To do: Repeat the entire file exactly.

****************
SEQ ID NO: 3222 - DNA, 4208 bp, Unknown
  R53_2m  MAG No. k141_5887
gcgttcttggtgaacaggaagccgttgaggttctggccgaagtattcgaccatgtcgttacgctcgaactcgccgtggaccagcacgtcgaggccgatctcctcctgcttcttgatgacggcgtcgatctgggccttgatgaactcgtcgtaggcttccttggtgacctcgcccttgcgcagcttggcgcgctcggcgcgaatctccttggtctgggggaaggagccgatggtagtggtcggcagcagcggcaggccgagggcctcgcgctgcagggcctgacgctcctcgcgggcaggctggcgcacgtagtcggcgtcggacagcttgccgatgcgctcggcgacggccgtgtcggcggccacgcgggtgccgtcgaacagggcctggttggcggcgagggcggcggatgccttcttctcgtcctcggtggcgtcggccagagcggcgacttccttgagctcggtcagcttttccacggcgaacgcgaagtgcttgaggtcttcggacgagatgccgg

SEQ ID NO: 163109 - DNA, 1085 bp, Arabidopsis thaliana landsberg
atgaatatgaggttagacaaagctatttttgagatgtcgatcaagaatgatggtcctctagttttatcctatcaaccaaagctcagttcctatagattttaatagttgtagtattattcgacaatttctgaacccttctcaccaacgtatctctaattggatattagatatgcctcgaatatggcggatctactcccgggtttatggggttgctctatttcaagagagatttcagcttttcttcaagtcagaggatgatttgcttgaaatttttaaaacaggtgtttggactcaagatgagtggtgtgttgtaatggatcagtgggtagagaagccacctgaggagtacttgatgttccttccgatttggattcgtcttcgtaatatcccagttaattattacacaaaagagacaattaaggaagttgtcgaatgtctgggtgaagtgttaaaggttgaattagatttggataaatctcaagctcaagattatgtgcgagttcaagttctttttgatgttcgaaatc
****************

SEQ ID NO: 3222 - DNA, 4208 bp, Unknown
  R53_2m  MAG No. k141_5887
gcgttcttggtgaacaggaagccgttgaggttctggccgaagtattcgaccatgtcgttacgctcgaactcgccgtggaccagcacgtcgaggccgatctcctcctgcttcttgatgacggcgtcgatctgggccttgatgaactcgtcgtaggcttccttggtgacctcgcccttgcgcagcttggcgcgctcggcgcgaatctccttggtctgggggaaggagccgatggtagtggtcggcagcagcggcaggccgagggcctcgcgctgcagggcctgacgctcctcgcgggcaggctggcgcacgtagtcggcgtcggacagcttgccgatgcgctcggcgacggccgtgtcggcggccacgcgggtgccgtcgaacagggcctggttggcggcgagggcggcggatgccttcttctcgtcctcggtggcgtcggccagagcggcgacttccttgagctcggtcagcttttccacggcgaacgcgaagtgcttgaggtcttcggacgagatgccgg

SEQ ID NO: 163109 - DNA, 1085 bp, Arabidopsis thaliana landsberg
atgaatatgaggttagacaaagctatttttgagatgtcgatcaagaatgatggtcctctagttttatcctatcaaccaaagctcagttcctatagattttaatagttgtagtattattcgacaatttctgaacccttctcaccaacgtatctctaattggatattagatatgcctcgaatatggcggatctactcccgggtttatggggttgctctatttcaagagagatttcagcttttcttcaagtcagaggatgatttgcttgaaatttttaaaacaggtgtttggactcaagatgagtggtgtgttgtaatggatcagtgggtagagaagccacctgaggagtacttgatgttccttccgatttggattcgtcttcgtaatatcccagttaattattacacaaaagagacaattaaggaagttgtcgaatgtctgggtgaagtgttaaaggttgaattagatttggataaatctcaagctcaagattatgtgcgagttcaagttctttttgatgttcgaaatc